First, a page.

OSHA Safety Manuals | welding
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Welding On Galvanized Metals One of the most significant health hazards in the welding process is the generation of fumes and gasses. Do you weld on galvanized metals? Zinc is the coating used on galvanized metals, and when you heat the metal, it produces vaporized metal droplets which are called fumes. This is the smoky haze which consists of fine particles of metals or silicates. When you breathe these fumes, they may work deeply into your lungs. The typical effect of breathing zinc fumes is metal fume fever. One or two hours or more after welding-without proper personal protection-you may experience severe...

Ventilation - An Important Aspect Of Welding Safety - The fumes produced in a welding operation can be hazardous to the welder or workers in the near vicinity. Reducing the exposure to fumes through an effective local exhaust or area ventilation system is the first line of defense in preventing discomfort or illnesses from toxic welding fumes. Respirators are another means of reducing exposure. This personal protective equipment should be considered a temporary process until more appropriate measures to control the exposure are in place. However, when the level of the exposure cannot be entirely eliminated by an exhaust ventilation system, some form...

What You Need To Know About Welding & Cutting Protecting yourself when performing welding operations depends on your understanding of the hazards involved and the proper way to control them. Control of welding hazards includes avoiding eye injury, respiratory protection, ventilation of the work area, protective clothing and having safe equipment to use. Eye hazards include exposure to ultraviolet and infrared light. Welders and their helpers should wear filter glasses with shades ranging from 2 to 14, depending on the type of welding being done, to protect their eyes. Unless a welding arc is behind a screen, not only the welder, but...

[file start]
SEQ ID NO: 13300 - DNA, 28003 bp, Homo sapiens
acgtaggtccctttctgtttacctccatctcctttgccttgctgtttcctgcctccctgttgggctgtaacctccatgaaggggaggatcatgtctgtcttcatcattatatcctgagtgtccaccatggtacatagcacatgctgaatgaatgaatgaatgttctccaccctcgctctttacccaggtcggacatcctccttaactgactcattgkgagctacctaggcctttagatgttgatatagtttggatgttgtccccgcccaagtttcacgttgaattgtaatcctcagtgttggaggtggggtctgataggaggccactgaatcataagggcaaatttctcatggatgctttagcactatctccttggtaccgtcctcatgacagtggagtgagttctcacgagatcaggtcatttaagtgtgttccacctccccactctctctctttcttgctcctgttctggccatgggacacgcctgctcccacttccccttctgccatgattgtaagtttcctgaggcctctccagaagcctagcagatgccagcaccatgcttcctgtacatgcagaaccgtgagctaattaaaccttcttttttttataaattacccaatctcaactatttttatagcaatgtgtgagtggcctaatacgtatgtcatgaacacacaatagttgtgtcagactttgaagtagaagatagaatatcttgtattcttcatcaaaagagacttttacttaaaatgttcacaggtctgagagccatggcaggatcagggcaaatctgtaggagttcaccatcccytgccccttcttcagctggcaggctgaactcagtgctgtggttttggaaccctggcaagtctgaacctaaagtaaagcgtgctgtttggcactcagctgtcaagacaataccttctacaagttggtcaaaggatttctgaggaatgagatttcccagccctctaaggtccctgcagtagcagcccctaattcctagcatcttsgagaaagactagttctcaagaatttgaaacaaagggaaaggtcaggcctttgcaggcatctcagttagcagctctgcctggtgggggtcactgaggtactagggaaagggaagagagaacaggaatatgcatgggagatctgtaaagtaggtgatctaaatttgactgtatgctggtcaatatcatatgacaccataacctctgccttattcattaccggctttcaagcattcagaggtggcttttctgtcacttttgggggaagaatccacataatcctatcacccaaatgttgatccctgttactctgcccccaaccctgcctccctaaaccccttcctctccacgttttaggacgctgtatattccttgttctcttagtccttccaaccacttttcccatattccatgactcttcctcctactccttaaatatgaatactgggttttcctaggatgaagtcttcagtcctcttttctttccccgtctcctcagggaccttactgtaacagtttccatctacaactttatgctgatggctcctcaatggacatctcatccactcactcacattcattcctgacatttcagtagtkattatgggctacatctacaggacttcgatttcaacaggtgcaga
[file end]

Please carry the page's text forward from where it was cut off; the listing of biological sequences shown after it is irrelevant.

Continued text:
Warning: Welding May be Hazardous to your Health You’ve heard the expression, “You are what you eat.” Well, with welding, one could say you are what you breathe. Welding smoke is a complex mixture of very small, condensed solids (fumes) and gases. The base and filler metals, fluxes, coatings, and shielding gases all contribute. Even chemical changes to the surrounding atmosphere from the intense radiation and heat can add to the mix. The effects of welding smoke on a person will depend on the particular components of the smoke and how much of it the welder breathes. Some effects may occur shortly after...

Arc Welding Safety Arc welders use a powerful electric arc to make and repair plain, coated, or treated metal items. Welders can be stationary, electric powered or portable, diesel/gas powered. Install electric-powered arc welders to code. Ground equipment and place it on an independent circuit with the correct-sized fuse or circuit breaker. Overloading circuits or improper installation can lead to fire, a ground fault, or equipment failure. Mount a safety disconnect switch near the user work area. Operate diesel/gas powered arc welders in well-ventilated areas to control combustion fumes. Do not add fuel to the engine while it is running or near...

Auto Body Work Repairing auto body damage requires sanding, grinding, and sometimes welding to repair the vehicle before it can be refinished. Get training in collision repair. Know the techniques and tools to complete bodywork. Review the Safety Data Sheets (SDS) for the chemicals you use to identify the personal protective equipment (PPE) to wear and how to mix and use materials properly. Eye injuries are common in auto body shops. Always wear eye protection when you are grinding, sanding, welding, and painting. Safety eyeglasses, goggles, and/or shields can protect your eyes from flying particles, sparks, and splashes. Grinding and sanding the paint off...